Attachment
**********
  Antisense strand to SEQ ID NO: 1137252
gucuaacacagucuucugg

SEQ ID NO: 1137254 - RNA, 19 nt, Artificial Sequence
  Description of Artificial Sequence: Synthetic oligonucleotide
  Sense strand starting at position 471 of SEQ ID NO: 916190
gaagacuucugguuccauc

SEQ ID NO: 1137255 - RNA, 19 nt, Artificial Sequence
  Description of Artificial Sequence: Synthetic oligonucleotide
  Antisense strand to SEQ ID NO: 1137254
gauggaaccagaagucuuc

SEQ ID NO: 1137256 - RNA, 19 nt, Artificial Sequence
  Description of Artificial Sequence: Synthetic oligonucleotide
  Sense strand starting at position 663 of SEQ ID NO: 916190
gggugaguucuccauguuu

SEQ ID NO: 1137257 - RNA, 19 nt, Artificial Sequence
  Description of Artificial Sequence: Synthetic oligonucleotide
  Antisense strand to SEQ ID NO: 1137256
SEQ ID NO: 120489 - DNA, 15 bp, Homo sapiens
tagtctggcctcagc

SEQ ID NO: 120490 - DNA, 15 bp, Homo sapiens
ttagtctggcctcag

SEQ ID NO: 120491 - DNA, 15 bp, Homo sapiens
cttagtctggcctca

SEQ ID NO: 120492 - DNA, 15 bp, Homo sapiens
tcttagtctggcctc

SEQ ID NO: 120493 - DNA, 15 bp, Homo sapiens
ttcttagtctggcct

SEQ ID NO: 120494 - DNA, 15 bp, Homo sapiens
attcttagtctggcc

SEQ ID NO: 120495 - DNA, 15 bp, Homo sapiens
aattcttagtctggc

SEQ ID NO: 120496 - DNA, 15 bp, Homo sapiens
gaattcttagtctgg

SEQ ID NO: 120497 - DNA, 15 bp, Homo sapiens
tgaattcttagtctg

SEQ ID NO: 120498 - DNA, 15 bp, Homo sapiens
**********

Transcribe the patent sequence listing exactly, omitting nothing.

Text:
  Antisense strand to SEQ ID NO: 1137252
gucuaacacagucuucugg

SEQ ID NO: 1137254 - RNA, 19 nt, Artificial Sequence
  Description of Artificial Sequence: Synthetic oligonucleotide
  Sense strand starting at position 471 of SEQ ID NO: 916190
gaagacuucugguuccauc

SEQ ID NO: 1137255 - RNA, 19 nt, Artificial Sequence
  Description of Artificial Sequence: Synthetic oligonucleotide
  Antisense strand to SEQ ID NO: 1137254
gauggaaccagaagucuuc

SEQ ID NO: 1137256 - RNA, 19 nt, Artificial Sequence
  Description of Artificial Sequence: Synthetic oligonucleotide
  Sense strand starting at position 663 of SEQ ID NO: 916190
gggugaguucuccauguuu

SEQ ID NO: 1137257 - RNA, 19 nt, Artificial Sequence
  Description of Artificial Sequence: Synthetic oligonucleotide
  Antisense strand to SEQ ID NO: 1137256
SEQ ID NO: 120489 - DNA, 15 bp, Homo sapiens
tagtctggcctcagc

SEQ ID NO: 120490 - DNA, 15 bp, Homo sapiens
ttagtctggcctcag

SEQ ID NO: 120491 - DNA, 15 bp, Homo sapiens
cttagtctggcctca

SEQ ID NO: 120492 - DNA, 15 bp, Homo sapiens
tcttagtctggcctc

SEQ ID NO: 120493 - DNA, 15 bp, Homo sapiens
ttcttagtctggcct

SEQ ID NO: 120494 - DNA, 15 bp, Homo sapiens
attcttagtctggcc

SEQ ID NO: 120495 - DNA, 15 bp, Homo sapiens
aattcttagtctggc

SEQ ID NO: 120496 - DNA, 15 bp, Homo sapiens
gaattcttagtctgg

SEQ ID NO: 120497 - DNA, 15 bp, Homo sapiens
tgaattcttagtctg

SEQ ID NO: 120498 - DNA, 15 bp, Homo sapiens